Complaint letter about offensive language in a toy store


  1. Avoid emotional approach in this letter as it would weaken your stand. Use a calm and controlled tone. Explain what the employee has done that has lead to this complaint. But do not insult the employee. Do not generalize your statements as you are focusing on a particular employee.
  2. Mention the employee that you are focusing. Include all the information related to this case.
  3. Provide your suggestions to rectify the error.
  4. Mention that you are willing to take appropriate action against the employee. Express your confidence in the reader about handling the situation in a correct way.


[Senders Name]
[Address line]
[State, ZIP Code]

[Letter Date]

[Recipients Name]
[Address line]
[State, ZIP Code]

[Subject: Normally bold, summarizes the intention of the letter] -Optional-

Dear [Recipients Name],

I feel that it is my duty to report the offensive language that I overheard yesterday while walking around your toy department. One of your staff, who I believe is called Colin, was clearly swearing while in earshot of some young children. It was not just a one-off either, and he repeated the swear word on some occasions. Rather than being ashamed of his language, your member of staff appeared to think that it was hilarious. I found it to be offensive, and I am sure that other parents also found it offensive as well. This one member of staff has put me off from entering your store again.

I do not feel that this member of staff has any place on the shop floor, where he can interact with members of public, and children in particular. If you do decide that action needs to be taken against the member of staff, then I will gladly act as a witness in that action.


[Senders Name]
[Senders Title] -Optional-

[Enclosures: number] - Optional -
cc: [Name of copy recipient] - Optional -

Complaint letter about offensive language in a toy store.

Further things to consider when writing complaint letters to customer service

Further things to consider when writing complaint letters to customer service

Complaint Letters

Complaint letters are letters written to a certain authority to address an unacceptable or unsatisfactory behavior or situation. They are used to address any offense, wrongdoing, grievance, or resentment arising out of products or services. Basically, complaint letters are used to raise concerns about unfair doings and seek a productive outcome. Some of the most common mistakes people complain about include defective or incomplete order, abnormal delays in sending consignments, mistakes in bills or reminders for payment, dispatching products of wrong quality, or even a neighbor's misconduct.

Complaint letters can be written by anyone for any reason. Provided you have a purpose and the facts to back up your complaint; then you can put together a complaint letter. State the actual complaint and put in all the necessary details such as the number of times the issue has occurred. Mention what actions you expect to be taken regarding your complaint (suggest solutions if necessary). If you are writing a complaint to a home owner about something that happened, explain clearly how the events transpired. Use a cordial and polite tone and ask for a response before closing your letter.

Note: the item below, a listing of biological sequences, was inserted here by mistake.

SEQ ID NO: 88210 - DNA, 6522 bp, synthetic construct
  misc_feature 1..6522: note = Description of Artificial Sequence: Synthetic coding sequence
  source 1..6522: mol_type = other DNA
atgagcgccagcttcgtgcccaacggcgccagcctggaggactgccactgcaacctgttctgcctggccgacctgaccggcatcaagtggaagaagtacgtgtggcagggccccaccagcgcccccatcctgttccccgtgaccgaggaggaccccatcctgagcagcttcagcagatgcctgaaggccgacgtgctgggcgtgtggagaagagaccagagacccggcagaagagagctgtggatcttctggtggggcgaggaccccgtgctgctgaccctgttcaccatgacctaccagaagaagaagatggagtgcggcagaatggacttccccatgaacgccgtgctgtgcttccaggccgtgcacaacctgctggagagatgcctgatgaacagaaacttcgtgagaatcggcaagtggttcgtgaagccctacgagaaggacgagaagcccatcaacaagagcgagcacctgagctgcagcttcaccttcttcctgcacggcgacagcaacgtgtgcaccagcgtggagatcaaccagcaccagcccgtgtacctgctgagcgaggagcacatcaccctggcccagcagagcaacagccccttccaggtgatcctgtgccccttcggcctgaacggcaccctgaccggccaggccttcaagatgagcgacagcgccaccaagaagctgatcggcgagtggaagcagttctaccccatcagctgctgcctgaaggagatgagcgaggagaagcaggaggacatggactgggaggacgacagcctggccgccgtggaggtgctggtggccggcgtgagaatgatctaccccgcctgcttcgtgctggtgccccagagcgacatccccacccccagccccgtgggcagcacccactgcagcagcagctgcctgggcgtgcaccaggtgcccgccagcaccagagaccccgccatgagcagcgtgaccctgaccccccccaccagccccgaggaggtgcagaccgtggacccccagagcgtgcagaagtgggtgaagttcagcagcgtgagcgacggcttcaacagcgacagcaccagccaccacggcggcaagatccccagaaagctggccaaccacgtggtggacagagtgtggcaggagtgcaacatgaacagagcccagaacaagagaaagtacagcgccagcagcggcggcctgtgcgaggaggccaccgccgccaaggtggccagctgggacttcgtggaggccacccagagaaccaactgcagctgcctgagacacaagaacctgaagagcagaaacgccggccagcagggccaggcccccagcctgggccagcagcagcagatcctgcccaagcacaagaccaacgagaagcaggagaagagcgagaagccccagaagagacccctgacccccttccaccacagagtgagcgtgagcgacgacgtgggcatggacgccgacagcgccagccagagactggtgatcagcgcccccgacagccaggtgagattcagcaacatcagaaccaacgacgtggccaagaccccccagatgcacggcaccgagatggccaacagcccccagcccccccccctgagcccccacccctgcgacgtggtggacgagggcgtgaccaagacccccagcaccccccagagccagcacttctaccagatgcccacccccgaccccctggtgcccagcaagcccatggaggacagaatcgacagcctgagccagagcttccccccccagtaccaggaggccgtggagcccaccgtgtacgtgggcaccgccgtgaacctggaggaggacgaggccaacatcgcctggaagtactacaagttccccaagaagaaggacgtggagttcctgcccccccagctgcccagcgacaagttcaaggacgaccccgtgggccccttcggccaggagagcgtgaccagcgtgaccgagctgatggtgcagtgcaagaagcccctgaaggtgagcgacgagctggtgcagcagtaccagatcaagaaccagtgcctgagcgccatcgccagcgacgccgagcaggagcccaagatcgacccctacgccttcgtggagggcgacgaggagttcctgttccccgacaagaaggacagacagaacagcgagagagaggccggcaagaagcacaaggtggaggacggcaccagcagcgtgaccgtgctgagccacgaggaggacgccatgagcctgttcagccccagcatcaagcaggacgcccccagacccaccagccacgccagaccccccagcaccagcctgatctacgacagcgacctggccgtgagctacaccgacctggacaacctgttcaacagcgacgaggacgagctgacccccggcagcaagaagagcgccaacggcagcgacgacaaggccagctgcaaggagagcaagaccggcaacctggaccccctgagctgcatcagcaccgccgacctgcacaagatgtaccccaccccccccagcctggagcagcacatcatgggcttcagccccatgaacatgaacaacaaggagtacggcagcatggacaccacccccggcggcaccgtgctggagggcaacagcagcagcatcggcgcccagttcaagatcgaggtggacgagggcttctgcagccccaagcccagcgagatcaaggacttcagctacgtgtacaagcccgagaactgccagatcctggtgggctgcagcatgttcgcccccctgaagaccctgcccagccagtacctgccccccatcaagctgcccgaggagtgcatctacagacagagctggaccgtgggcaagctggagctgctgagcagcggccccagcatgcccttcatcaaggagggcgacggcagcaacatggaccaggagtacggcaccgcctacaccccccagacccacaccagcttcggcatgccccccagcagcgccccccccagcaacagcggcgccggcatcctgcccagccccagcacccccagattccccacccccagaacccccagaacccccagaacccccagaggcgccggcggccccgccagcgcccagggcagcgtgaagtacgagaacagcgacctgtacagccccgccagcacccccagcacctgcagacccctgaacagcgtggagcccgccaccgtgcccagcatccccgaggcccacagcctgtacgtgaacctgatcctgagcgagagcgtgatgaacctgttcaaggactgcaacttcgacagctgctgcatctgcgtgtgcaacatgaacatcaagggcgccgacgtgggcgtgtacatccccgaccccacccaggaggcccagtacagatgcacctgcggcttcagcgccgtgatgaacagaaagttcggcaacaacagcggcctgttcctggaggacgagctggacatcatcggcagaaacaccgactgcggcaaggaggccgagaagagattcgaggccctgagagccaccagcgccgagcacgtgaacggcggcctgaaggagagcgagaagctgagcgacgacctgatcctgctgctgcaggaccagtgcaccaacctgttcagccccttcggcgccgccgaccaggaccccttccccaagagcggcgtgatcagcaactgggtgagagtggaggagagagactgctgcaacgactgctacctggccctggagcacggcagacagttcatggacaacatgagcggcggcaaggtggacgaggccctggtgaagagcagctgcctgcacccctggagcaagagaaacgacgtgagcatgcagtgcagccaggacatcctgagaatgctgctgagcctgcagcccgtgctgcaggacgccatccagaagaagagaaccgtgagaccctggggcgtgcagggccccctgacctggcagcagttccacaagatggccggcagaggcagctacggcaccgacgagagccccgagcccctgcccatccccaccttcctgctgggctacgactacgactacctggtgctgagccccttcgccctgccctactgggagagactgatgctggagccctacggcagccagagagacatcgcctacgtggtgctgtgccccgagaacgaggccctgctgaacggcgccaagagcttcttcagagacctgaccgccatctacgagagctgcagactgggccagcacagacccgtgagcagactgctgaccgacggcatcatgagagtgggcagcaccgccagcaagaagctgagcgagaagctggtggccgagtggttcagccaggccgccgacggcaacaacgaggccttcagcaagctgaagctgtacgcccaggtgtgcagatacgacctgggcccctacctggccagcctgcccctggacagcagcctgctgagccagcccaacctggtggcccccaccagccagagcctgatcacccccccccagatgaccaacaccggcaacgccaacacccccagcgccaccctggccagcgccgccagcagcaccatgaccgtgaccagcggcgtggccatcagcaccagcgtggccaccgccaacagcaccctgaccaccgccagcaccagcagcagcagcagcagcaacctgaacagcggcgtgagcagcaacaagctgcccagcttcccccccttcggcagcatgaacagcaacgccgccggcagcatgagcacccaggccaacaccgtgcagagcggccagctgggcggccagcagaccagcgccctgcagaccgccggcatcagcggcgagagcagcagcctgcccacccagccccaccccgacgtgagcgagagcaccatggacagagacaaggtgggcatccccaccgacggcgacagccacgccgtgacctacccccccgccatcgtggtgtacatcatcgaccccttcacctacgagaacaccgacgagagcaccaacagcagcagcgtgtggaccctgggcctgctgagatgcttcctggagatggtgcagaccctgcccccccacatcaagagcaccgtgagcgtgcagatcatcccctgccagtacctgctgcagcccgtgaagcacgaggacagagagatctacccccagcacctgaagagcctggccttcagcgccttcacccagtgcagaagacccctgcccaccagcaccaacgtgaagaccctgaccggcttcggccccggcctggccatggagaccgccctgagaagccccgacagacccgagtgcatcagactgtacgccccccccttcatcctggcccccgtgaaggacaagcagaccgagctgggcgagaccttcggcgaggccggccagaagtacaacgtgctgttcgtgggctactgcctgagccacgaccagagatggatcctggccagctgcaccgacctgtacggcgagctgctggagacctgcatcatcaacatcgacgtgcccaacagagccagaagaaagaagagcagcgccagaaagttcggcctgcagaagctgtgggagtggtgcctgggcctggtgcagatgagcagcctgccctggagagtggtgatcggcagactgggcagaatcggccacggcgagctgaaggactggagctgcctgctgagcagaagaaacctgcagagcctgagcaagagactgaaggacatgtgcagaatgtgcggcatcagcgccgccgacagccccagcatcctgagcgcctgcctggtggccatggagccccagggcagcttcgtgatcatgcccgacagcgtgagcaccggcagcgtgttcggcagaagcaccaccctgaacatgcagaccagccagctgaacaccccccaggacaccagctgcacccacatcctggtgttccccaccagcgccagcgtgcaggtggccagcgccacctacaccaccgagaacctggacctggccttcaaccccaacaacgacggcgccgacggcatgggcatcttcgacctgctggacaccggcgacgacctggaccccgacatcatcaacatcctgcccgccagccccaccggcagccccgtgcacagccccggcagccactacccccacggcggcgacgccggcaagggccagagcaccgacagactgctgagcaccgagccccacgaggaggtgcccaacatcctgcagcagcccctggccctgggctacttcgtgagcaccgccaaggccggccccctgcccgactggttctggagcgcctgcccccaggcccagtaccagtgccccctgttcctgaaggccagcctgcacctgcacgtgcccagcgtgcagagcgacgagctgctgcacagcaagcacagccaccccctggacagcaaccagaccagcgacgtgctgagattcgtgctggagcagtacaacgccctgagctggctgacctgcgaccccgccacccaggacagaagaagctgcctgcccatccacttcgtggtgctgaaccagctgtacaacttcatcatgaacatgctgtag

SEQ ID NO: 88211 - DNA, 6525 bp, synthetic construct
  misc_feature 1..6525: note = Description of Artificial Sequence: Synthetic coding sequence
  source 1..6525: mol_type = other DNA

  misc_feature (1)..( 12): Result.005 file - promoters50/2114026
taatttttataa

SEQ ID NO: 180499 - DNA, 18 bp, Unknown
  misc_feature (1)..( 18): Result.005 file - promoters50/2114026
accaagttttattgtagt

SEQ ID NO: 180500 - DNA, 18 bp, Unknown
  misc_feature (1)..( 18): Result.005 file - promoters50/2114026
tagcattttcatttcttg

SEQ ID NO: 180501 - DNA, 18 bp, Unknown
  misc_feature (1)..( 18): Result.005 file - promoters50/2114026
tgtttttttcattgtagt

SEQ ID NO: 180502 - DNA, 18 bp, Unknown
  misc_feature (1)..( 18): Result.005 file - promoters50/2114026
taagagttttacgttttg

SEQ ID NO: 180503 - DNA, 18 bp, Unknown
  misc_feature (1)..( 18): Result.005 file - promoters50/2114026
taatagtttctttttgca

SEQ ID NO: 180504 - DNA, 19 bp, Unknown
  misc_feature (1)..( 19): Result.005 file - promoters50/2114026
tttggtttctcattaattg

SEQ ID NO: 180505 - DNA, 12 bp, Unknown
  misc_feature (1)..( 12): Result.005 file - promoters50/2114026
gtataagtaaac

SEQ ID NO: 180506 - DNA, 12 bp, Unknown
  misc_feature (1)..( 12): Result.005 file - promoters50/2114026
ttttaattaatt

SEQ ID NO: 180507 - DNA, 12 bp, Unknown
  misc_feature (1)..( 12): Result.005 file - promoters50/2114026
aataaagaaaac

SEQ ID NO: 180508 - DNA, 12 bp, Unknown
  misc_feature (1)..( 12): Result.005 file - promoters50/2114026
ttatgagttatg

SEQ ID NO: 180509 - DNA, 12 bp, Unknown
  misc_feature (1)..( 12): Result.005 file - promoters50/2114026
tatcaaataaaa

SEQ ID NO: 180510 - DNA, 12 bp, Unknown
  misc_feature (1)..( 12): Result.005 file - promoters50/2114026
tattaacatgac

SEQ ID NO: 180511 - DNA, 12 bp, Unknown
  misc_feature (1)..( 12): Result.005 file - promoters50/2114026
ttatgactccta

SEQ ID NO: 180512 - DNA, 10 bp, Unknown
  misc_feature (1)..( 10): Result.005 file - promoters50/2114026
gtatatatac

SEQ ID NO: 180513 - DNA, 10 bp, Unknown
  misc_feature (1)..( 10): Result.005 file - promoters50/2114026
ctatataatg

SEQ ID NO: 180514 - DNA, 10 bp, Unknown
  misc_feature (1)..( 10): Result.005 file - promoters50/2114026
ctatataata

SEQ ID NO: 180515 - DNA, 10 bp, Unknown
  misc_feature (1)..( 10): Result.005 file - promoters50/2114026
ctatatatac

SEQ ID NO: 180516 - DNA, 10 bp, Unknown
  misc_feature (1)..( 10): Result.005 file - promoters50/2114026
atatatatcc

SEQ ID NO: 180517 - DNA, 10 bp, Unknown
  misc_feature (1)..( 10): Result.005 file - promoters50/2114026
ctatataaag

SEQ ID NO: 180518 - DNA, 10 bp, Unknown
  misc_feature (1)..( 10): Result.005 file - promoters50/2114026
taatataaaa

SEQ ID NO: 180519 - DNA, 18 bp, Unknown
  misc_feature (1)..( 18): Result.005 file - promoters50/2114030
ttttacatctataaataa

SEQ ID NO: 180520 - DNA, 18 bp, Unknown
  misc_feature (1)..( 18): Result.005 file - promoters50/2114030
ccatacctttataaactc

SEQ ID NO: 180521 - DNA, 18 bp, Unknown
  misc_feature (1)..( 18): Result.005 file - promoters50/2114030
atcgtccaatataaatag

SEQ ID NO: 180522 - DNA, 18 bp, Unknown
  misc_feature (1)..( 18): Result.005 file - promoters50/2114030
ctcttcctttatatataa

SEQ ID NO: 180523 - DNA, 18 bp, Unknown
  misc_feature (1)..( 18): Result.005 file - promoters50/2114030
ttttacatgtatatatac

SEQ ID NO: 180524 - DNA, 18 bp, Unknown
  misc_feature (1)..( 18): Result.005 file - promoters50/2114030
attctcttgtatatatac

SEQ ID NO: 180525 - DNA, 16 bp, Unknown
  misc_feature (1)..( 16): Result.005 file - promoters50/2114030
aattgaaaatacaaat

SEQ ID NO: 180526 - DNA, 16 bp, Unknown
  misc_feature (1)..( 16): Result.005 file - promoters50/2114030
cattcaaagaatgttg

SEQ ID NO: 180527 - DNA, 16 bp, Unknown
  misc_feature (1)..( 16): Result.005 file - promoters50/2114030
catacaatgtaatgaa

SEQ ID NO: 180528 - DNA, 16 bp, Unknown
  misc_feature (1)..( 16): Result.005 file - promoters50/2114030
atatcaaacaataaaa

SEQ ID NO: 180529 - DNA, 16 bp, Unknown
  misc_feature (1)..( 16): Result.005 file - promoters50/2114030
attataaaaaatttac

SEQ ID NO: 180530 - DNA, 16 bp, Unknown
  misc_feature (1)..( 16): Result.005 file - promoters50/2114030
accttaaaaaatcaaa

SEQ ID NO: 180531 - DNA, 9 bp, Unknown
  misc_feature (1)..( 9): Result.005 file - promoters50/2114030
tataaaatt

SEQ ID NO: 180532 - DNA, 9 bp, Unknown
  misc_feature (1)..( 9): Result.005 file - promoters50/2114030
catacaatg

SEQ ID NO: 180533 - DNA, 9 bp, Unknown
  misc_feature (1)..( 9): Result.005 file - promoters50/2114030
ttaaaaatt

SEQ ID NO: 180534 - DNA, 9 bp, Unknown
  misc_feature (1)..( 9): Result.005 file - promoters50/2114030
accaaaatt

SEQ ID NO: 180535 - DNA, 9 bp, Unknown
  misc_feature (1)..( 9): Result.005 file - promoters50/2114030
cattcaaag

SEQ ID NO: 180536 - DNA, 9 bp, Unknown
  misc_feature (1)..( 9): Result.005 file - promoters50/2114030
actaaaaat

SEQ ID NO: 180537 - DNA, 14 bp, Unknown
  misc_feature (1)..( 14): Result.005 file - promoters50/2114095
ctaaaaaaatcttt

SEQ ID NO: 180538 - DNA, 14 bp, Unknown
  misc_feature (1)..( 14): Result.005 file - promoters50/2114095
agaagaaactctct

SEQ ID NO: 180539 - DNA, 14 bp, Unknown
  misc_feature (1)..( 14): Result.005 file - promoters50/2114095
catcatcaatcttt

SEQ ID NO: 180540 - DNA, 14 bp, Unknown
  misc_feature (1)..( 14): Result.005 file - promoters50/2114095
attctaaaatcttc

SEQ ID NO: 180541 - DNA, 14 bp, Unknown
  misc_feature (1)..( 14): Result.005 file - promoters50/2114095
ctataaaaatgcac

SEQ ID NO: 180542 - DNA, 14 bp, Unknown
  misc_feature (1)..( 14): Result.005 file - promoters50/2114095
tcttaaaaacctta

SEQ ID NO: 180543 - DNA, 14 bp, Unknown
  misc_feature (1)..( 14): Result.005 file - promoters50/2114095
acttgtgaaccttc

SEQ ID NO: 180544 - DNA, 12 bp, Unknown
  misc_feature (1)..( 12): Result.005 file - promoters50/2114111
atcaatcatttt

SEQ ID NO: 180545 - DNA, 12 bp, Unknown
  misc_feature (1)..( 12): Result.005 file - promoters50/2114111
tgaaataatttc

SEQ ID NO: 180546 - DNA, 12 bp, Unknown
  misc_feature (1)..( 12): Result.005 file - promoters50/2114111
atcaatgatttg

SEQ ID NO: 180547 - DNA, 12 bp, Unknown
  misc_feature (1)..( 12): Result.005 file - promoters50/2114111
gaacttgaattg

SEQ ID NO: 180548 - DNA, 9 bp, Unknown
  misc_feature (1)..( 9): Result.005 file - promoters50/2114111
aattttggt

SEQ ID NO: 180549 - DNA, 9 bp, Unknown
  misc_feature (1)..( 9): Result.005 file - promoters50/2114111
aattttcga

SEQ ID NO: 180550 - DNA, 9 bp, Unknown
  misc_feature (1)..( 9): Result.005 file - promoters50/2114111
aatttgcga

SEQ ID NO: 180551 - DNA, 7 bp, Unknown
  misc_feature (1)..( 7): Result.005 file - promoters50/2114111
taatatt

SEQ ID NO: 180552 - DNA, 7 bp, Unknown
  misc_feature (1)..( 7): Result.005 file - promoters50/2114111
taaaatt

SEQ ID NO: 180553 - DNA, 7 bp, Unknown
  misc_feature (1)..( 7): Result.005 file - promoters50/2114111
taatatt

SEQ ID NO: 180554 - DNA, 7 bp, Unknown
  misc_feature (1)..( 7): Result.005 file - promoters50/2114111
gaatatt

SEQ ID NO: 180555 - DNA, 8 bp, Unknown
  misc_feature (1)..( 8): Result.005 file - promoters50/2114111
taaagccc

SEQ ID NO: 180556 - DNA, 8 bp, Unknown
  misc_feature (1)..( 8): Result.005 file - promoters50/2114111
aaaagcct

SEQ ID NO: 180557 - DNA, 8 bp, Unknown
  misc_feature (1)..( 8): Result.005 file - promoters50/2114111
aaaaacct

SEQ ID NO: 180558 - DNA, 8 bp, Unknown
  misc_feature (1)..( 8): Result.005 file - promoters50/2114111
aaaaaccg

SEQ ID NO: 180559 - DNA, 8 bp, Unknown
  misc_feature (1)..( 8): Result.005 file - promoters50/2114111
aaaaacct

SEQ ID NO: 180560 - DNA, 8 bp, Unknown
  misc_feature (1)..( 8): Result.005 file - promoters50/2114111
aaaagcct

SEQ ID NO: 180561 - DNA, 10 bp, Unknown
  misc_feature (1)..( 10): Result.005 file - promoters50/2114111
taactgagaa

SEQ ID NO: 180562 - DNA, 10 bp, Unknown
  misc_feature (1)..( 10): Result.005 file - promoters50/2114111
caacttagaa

Letters to Customer Service

Letters to customer service are letters sent to the person in charge of offering assistance and advice to customers or clients in a company. The recipient of these letters could be the customer service manager or any other person in the customer service department. There are many types of letters written to the customer service. The most common ones include inquiry letters to inquire information about products and services, complaint letters to file a complaint, and thank-you letters to thank a company for quality services. For any reason you may want to write to customer service, your letter must be formal.

The best letters to customer service are short and straightforward. Make sure to address the letter accordingly. For instance, if you know the customer service manager, address him/her by name. However, if you don't know his/her name or anyone in the customer service department, address your letter as "To whom it may concern". State your name and the reason for your letter. Convey your message clearly. Provide necessary information such as contact details. Be polite and professional even if you are filing a complaint. End the letter positively or by calling the recipient to action.

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